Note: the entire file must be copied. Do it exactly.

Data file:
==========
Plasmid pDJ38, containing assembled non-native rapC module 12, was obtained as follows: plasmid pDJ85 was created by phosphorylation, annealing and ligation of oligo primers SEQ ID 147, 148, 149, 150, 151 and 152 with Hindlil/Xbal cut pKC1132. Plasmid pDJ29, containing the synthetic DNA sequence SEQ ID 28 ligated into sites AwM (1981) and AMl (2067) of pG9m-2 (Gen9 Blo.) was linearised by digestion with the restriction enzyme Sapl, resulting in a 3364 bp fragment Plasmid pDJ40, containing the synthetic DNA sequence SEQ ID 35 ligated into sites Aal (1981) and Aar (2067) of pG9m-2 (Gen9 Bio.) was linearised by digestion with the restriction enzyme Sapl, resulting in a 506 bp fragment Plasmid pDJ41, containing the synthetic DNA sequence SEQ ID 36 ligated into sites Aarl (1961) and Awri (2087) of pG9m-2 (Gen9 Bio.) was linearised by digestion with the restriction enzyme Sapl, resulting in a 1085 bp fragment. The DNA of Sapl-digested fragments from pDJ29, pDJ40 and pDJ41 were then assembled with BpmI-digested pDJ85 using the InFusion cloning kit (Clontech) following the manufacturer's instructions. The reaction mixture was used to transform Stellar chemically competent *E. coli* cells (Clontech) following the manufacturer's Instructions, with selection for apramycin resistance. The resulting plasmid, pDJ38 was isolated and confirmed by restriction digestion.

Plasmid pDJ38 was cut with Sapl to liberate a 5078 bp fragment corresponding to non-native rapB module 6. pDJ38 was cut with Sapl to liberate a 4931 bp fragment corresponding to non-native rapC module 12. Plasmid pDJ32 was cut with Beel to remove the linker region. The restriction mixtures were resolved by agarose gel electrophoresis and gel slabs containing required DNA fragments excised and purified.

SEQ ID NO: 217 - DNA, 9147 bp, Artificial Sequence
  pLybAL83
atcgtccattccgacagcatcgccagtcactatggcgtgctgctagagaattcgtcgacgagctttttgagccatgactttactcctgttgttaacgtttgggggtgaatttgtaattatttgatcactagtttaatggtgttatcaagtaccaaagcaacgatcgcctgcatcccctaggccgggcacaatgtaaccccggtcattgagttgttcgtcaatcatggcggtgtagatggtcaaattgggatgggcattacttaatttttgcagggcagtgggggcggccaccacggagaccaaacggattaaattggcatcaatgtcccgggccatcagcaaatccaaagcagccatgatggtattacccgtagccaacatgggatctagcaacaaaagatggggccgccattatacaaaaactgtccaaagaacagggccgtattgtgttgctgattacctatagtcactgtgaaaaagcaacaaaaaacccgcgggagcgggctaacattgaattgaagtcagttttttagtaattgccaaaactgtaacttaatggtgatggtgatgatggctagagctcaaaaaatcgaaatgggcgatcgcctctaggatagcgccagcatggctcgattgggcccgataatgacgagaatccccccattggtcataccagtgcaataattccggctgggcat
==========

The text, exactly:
Plasmid pDJ38, containing assembled non-native rapC module 12, was obtained as follows: plasmid pDJ85 was created by phosphorylation, annealing and ligation of oligo primers SEQ ID 147, 148, 149, 150, 151 and 152 with Hindlil/Xbal cut pKC1132. Plasmid pDJ29, containing the synthetic DNA sequence SEQ ID 28 ligated into sites AwM (1981) and AMl (2067) of pG9m-2 (Gen9 Blo.) was linearised by digestion with the restriction enzyme Sapl, resulting in a 3364 bp fragment Plasmid pDJ40, containing the synthetic DNA sequence SEQ ID 35 ligated into sites Aal (1981) and Aar (2067) of pG9m-2 (Gen9 Bio.) was linearised by digestion with the restriction enzyme Sapl, resulting in a 506 bp fragment Plasmid pDJ41, containing the synthetic DNA sequence SEQ ID 36 ligated into sites Aarl (1961) and Awri (2087) of pG9m-2 (Gen9 Bio.) was linearised by digestion with the restriction enzyme Sapl, resulting in a 1085 bp fragment. The DNA of Sapl-digested fragments from pDJ29, pDJ40 and pDJ41 were then assembled with BpmI-digested pDJ85 using the InFusion cloning kit (Clontech) following the manufacturer's instructions. The reaction mixture was used to transform Stellar chemically competent *E. coli* cells (Clontech) following the manufacturer's Instructions, with selection for apramycin resistance. The resulting plasmid, pDJ38 was isolated and confirmed by restriction digestion.

Plasmid pDJ38 was cut with Sapl to liberate a 5078 bp fragment corresponding to non-native rapB module 6. pDJ38 was cut with Sapl to liberate a 4931 bp fragment corresponding to non-native rapC module 12. Plasmid pDJ32 was cut with Beel to remove the linker region. The restriction mixtures were resolved by agarose gel electrophoresis and gel slabs containing required DNA fragments excised and purified.

SEQ ID NO: 217 - DNA, 9147 bp, Artificial Sequence
  pLybAL83
atcgtccattccgacagcatcgccagtcactatggcgtgctgctagagaattcgtcgacgagctttttgagccatgactttactcctgttgttaacgtttgggggtgaatttgtaattatttgatcactagtttaatggtgttatcaagtaccaaagcaacgatcgcctgcatcccctaggccgggcacaatgtaaccccggtcattgagttgttcgtcaatcatggcggtgtagatggtcaaattgggatgggcattacttaatttttgcagggcagtgggggcggccaccacggagaccaaacggattaaattggcatcaatgtcccgggccatcagcaaatccaaagcagccatgatggtattacccgtagccaacatgggatctagcaacaaaagatggggccgccattatacaaaaactgtccaaagaacagggccgtattgtgttgctgattacctatagtcactgtgaaaaagcaacaaaaaacccgcgggagcgggctaacattgaattgaagtcagttttttagtaattgccaaaactgtaacttaatggtgatggtgatgatggctagagctcaaaaaatcgaaatgggcgatcgcctctaggatagcgccagcatggctcgattgggcccgataatgacgagaatccccccattggtcataccagtgcaataattccggctgggcat